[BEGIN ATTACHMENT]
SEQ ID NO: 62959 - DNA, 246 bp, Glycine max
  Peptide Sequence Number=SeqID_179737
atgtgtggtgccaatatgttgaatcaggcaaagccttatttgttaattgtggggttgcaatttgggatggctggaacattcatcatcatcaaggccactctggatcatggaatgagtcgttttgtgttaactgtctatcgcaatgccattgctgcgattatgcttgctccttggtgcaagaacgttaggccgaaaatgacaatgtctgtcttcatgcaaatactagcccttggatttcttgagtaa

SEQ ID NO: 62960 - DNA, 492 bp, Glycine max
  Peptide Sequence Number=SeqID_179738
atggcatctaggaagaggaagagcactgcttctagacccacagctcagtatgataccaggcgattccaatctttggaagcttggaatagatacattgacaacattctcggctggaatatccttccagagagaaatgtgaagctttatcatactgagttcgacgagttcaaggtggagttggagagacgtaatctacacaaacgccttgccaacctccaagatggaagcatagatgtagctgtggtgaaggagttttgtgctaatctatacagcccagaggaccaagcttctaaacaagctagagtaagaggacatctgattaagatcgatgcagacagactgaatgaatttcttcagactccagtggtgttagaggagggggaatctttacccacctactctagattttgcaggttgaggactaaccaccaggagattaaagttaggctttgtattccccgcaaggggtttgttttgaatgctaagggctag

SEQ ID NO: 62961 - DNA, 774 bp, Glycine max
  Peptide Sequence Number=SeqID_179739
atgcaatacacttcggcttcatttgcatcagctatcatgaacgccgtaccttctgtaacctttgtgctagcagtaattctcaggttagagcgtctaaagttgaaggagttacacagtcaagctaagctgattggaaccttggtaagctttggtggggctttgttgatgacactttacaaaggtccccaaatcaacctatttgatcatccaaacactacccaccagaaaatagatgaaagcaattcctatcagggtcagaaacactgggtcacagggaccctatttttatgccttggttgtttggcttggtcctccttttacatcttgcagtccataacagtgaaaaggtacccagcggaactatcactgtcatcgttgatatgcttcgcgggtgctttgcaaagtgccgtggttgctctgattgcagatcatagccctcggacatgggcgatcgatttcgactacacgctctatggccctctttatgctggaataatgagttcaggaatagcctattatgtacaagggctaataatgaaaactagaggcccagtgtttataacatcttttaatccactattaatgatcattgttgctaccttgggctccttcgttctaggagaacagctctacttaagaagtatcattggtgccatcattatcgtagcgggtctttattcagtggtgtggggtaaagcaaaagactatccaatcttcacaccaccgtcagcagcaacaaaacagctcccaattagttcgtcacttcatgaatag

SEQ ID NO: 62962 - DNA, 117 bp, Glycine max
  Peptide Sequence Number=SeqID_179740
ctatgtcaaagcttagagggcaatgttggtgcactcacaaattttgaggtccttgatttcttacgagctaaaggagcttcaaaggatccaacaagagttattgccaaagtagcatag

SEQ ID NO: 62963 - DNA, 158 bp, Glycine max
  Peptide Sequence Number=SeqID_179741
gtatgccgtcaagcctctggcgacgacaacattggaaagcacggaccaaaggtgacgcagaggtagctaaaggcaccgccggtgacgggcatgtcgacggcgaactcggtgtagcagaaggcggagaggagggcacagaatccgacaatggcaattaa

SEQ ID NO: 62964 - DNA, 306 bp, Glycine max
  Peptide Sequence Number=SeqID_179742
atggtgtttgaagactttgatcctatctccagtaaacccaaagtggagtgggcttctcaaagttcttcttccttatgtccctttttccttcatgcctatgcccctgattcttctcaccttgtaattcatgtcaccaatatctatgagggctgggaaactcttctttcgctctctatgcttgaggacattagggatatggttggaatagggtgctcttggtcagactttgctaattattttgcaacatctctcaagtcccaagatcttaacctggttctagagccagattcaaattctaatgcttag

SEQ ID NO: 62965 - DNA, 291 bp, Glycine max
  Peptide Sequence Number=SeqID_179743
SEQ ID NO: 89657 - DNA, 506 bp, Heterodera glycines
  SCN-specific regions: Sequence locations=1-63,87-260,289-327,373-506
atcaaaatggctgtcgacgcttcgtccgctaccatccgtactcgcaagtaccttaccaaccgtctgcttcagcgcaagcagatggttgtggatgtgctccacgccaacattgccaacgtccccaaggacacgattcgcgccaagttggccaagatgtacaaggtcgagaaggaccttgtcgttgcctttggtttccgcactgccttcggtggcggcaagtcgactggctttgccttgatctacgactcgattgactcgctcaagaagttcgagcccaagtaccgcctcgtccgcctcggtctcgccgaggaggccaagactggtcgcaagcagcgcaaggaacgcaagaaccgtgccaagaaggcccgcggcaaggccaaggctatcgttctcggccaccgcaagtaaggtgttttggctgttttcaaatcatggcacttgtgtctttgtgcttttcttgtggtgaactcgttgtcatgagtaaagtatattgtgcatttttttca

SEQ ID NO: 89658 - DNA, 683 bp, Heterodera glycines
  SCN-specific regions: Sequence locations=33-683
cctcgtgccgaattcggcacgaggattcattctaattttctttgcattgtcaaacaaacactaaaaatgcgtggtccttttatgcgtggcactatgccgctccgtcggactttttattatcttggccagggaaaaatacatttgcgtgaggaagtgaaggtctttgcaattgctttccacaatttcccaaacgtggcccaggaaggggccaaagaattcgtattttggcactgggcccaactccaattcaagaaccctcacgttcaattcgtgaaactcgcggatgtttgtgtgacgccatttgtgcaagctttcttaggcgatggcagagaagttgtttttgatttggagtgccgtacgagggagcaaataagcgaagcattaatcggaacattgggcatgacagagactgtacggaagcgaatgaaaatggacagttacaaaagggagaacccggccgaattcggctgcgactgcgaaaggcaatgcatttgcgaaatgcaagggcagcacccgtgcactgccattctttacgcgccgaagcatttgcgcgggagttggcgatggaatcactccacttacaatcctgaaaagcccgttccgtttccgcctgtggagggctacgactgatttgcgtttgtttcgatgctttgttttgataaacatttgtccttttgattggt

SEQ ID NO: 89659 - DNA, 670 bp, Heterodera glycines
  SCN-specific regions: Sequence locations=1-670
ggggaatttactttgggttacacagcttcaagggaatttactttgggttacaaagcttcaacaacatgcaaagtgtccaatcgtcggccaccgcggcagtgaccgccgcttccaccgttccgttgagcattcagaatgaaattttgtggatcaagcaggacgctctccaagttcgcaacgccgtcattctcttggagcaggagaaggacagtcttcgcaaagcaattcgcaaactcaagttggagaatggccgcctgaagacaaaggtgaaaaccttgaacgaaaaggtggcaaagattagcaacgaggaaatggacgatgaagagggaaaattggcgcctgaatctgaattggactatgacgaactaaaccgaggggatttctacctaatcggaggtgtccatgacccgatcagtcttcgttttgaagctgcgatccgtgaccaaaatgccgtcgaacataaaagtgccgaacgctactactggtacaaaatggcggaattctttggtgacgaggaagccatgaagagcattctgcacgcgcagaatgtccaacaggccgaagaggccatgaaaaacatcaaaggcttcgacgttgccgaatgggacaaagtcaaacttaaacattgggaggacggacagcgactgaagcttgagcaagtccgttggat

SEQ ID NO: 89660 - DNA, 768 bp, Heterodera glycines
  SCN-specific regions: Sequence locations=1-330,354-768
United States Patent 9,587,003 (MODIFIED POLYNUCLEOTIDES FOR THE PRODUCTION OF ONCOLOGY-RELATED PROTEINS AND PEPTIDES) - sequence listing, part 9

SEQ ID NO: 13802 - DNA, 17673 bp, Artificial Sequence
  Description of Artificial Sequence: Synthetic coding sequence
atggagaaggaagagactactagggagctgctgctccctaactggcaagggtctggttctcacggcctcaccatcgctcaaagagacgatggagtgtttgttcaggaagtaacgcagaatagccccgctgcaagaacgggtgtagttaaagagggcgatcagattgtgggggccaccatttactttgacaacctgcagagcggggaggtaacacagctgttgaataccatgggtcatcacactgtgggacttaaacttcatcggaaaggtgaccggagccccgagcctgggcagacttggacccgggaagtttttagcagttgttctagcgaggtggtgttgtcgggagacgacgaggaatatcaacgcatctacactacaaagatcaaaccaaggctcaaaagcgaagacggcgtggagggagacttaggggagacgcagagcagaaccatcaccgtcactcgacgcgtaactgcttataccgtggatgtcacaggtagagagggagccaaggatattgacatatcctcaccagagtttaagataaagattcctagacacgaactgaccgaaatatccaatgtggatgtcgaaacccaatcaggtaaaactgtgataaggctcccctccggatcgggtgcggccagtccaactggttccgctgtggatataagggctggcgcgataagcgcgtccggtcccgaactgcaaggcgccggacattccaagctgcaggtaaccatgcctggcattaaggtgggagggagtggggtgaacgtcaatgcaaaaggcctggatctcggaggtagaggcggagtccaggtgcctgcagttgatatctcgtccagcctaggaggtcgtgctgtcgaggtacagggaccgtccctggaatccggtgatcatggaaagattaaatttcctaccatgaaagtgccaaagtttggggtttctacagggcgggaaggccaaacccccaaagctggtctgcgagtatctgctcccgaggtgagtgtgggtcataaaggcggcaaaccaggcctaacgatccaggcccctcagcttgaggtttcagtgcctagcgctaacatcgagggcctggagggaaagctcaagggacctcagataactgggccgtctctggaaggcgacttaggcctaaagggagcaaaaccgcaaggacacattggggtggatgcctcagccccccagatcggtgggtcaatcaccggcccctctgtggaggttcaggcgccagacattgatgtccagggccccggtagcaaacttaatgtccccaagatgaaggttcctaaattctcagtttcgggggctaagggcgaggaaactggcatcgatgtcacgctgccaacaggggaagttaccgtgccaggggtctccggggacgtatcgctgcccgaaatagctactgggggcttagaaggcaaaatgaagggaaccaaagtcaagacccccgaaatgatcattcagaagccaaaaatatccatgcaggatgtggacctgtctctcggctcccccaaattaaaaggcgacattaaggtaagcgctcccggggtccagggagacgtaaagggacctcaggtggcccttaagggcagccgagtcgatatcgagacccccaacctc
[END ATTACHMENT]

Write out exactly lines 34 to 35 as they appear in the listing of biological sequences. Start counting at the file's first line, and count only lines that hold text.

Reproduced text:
  Description of Artificial Sequence: Synthetic coding sequence
atggagaaggaagagactactagggagctgctgctccctaactggcaagggtctggttctcacggcctcaccatcgctcaaagagacgatggagtgtttgttcaggaagtaacgcagaatagccccgctgcaagaacgggtgtagttaaagagggcgatcagattgtgggggccaccatttactttgacaacctgcagagcggggaggtaacacagctgttgaataccatgggtcatcacactgtgggacttaaacttcatcggaaaggtgaccggagccccgagcctgggcagacttggacccgggaagtttttagcagttgttctagcgaggtggtgttgtcgggagacgacgaggaatatcaacgcatctacactacaaagatcaaaccaaggctcaaaagcgaagacggcgtggagggagacttaggggagacgcagagcagaaccatcaccgtcactcgacgcgtaactgcttataccgtggatgtcacaggtagagagggagccaaggatattgacatatcctcaccagagtttaagataaagattcctagacacgaactgaccgaaatatccaatgtggatgtcgaaacccaatcaggtaaaactgtgataaggctcccctccggatcgggtgcggccagtccaactggttccgctgtggatataagggctggcgcgataagcgcgtccggtcccgaactgcaaggcgccggacattccaagctgcaggtaaccatgcctggcattaaggtgggagggagtggggtgaacgtcaatgcaaaaggcctggatctcggaggtagaggcggagtccaggtgcctgcagttgatatctcgtccagcctaggaggtcgtgctgtcgaggtacagggaccgtccctggaatccggtgatcatggaaagattaaatttcctaccatgaaagtgccaaagtttggggtttctacagggcgggaaggccaaacccccaaagctggtctgcgagtatctgctcccgaggtgagtgtgggtcataaaggcggcaaaccaggcctaacgatccaggcccctcagcttgaggtttcagtgcctagcgctaacatcgagggcctggagggaaagctcaagggacctcagataactgggccgtctctggaaggcgacttaggcctaaagggagcaaaaccgcaaggacacattggggtggatgcctcagccccccagatcggtgggtcaatcaccggcccctctgtggaggttcaggcgccagacattgatgtccagggccccggtagcaaacttaatgtccccaagatgaaggttcctaaattctcagtttcgggggctaagggcgaggaaactggcatcgatgtcacgctgccaacaggggaagttaccgtgccaggggtctccggggacgtatcgctgcccgaaatagctactgggggcttagaaggcaaaatgaagggaaccaaagtcaagacccccgaaatgatcattcagaagccaaaaatatccatgcaggatgtggacctgtctctcggctcccccaaattaaaaggcgacattaaggtaagcgctcccggggtccagggagacgtaaagggacctcaggtggcccttaagggcagccgagtcgatatcgagacccccaacctc